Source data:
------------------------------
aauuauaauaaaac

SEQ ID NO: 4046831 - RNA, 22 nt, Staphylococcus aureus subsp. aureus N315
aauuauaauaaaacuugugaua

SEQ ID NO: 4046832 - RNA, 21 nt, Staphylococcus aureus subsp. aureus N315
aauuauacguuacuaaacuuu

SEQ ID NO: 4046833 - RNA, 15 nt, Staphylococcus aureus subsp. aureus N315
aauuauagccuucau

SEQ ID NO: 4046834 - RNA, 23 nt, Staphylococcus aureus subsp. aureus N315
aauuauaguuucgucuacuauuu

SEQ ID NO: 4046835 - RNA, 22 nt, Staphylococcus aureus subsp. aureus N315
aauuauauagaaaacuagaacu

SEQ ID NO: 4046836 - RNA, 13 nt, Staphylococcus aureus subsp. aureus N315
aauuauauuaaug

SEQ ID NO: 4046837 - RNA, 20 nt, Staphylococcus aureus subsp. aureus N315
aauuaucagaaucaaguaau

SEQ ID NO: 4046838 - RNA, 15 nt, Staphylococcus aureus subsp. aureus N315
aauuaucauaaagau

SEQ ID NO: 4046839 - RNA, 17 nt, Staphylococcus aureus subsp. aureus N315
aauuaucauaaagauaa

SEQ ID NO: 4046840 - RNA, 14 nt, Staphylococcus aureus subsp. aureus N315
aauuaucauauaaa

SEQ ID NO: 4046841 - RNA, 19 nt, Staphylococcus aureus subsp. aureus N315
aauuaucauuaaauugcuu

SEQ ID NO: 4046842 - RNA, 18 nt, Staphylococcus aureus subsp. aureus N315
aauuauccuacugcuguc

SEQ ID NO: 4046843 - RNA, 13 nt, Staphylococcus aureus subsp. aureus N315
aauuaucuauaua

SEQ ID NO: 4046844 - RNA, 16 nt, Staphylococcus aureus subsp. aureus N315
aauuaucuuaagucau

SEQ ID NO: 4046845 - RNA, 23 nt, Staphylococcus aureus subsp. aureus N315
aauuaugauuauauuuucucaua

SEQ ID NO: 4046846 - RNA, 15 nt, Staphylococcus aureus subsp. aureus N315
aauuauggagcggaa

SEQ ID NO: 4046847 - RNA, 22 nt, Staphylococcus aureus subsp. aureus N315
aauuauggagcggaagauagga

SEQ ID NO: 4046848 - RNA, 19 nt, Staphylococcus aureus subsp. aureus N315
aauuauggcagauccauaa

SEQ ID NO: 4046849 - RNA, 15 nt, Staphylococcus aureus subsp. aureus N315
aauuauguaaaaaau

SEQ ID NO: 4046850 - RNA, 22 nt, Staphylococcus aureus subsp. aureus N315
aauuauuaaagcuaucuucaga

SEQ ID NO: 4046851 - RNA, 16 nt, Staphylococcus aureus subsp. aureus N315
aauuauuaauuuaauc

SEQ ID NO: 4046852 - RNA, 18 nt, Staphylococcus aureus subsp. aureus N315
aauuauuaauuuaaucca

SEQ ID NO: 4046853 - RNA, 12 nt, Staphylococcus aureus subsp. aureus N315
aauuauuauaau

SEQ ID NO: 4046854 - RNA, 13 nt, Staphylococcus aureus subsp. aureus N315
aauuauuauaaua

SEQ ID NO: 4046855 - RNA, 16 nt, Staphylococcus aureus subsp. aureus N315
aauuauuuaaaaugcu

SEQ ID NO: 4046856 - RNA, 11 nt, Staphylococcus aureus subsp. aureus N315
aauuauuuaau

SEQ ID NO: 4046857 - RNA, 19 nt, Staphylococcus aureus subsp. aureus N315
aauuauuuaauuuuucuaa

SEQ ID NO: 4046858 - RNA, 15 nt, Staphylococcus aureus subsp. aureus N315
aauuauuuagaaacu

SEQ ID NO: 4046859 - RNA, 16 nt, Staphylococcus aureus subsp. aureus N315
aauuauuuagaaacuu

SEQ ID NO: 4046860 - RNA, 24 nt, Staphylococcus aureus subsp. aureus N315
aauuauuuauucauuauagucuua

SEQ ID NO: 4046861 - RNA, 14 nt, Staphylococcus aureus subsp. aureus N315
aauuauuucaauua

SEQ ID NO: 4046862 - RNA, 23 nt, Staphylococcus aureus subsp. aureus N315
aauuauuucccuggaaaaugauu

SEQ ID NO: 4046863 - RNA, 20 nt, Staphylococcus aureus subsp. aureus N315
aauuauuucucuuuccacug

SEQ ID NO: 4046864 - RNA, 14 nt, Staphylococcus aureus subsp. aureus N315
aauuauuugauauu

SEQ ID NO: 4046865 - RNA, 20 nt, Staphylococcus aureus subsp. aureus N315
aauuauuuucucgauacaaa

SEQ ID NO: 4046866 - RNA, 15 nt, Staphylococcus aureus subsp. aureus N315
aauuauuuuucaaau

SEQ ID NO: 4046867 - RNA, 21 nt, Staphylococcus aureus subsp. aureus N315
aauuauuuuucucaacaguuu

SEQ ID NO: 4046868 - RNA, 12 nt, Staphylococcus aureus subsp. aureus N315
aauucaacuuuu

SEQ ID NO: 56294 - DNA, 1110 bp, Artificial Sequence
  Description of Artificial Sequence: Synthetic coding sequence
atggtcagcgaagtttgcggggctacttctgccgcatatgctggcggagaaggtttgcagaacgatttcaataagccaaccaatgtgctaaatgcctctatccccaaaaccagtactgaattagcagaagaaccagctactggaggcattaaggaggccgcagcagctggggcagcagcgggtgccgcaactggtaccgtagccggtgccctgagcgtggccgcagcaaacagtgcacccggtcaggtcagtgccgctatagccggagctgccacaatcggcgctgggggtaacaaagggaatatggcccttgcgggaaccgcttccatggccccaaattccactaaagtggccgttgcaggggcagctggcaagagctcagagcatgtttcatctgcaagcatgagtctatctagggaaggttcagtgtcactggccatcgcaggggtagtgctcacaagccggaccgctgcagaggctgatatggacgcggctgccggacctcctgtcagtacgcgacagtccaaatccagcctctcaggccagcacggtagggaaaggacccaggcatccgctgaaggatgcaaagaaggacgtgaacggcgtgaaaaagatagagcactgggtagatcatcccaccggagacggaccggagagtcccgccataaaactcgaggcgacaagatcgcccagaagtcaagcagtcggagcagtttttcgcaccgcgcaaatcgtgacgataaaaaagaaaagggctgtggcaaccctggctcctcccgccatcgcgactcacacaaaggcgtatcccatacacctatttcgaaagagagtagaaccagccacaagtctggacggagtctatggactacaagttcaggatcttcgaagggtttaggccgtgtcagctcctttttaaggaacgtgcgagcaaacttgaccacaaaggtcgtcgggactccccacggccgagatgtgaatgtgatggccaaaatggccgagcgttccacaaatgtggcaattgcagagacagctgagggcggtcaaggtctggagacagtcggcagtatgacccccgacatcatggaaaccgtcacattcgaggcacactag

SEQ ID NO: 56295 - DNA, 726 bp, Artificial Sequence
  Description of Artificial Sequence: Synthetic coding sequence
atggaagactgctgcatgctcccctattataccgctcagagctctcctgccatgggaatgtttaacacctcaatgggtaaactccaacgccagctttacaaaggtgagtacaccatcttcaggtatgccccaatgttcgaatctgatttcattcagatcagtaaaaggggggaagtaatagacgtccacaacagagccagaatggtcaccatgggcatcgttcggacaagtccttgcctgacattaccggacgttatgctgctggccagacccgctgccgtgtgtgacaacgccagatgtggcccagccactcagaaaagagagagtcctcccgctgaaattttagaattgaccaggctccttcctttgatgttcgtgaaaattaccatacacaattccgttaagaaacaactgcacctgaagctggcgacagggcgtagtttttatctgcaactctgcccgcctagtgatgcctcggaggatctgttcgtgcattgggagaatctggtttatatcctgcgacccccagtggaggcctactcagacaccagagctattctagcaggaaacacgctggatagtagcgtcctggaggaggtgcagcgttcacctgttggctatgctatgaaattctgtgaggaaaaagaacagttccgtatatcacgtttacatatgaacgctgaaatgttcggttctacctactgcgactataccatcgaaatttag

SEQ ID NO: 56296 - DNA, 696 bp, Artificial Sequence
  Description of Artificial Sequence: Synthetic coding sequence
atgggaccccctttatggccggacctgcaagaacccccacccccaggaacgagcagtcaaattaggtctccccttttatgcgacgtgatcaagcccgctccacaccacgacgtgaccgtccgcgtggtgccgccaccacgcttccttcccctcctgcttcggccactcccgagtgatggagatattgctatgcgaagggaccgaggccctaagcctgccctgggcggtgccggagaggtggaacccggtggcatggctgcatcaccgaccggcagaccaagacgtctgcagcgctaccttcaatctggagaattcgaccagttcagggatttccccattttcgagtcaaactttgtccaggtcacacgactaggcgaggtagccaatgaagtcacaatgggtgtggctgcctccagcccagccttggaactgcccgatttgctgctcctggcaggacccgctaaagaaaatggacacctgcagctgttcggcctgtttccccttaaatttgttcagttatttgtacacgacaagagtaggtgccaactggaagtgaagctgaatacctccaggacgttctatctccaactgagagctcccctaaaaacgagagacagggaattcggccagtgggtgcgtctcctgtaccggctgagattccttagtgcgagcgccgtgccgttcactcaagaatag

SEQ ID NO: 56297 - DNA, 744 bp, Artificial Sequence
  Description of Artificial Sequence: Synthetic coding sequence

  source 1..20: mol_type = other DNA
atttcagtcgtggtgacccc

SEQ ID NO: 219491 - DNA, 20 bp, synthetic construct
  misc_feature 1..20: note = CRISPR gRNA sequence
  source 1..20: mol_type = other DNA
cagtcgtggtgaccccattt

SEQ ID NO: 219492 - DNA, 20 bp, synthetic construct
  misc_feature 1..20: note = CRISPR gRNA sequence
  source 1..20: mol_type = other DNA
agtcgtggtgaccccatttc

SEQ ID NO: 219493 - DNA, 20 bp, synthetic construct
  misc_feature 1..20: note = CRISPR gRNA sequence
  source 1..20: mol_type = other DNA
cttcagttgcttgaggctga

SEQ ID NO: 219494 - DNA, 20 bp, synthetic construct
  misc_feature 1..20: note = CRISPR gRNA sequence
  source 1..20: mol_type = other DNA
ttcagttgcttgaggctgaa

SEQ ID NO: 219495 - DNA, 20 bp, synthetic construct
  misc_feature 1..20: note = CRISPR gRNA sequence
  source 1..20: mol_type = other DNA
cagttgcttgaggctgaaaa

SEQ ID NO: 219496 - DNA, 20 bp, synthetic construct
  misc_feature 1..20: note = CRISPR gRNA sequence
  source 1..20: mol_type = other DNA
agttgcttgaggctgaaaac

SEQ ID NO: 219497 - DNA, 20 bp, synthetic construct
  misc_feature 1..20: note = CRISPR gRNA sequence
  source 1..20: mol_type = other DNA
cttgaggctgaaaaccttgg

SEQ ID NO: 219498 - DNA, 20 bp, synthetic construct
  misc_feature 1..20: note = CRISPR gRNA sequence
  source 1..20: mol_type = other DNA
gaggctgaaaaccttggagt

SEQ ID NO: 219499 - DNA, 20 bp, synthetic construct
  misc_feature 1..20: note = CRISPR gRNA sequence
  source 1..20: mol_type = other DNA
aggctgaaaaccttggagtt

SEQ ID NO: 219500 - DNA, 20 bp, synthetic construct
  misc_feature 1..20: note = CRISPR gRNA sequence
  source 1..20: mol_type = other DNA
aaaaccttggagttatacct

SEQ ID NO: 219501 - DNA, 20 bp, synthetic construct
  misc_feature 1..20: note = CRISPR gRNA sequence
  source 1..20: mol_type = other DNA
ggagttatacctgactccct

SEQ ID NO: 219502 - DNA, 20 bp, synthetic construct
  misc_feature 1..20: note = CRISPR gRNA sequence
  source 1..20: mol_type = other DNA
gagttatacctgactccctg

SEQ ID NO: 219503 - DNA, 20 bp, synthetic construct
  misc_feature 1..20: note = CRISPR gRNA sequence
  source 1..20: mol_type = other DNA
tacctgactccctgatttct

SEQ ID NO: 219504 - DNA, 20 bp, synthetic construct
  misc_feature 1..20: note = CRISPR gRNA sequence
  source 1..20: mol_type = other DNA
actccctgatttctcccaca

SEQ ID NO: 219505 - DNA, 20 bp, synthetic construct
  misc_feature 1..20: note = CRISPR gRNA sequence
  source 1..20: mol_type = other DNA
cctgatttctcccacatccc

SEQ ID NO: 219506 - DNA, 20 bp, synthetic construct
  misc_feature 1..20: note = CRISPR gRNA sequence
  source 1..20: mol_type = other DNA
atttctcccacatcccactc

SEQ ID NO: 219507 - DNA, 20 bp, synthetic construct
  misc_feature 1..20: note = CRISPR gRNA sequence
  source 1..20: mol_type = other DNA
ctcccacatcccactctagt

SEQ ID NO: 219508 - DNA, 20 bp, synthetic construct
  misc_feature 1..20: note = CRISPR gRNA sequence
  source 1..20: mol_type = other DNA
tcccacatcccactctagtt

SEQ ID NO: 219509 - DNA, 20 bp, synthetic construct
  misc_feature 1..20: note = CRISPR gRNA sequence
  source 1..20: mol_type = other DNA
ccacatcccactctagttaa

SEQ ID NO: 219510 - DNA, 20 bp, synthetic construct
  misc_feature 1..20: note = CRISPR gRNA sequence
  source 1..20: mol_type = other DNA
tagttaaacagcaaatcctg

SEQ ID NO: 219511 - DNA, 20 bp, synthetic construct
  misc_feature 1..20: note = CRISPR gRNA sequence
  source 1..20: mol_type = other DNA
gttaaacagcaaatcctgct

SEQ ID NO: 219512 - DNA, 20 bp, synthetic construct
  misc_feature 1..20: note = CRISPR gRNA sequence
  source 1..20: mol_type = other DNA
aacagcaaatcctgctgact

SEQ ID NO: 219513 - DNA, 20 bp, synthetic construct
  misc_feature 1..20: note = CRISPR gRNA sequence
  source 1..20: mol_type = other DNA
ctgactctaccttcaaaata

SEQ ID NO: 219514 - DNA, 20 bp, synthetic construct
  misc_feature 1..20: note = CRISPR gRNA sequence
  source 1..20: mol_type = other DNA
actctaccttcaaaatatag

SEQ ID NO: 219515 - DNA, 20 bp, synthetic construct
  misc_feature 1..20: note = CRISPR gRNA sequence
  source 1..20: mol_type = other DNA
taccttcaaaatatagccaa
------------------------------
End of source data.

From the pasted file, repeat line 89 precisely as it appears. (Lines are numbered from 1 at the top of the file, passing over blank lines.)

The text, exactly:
  source 1..20: mol_type = other DNA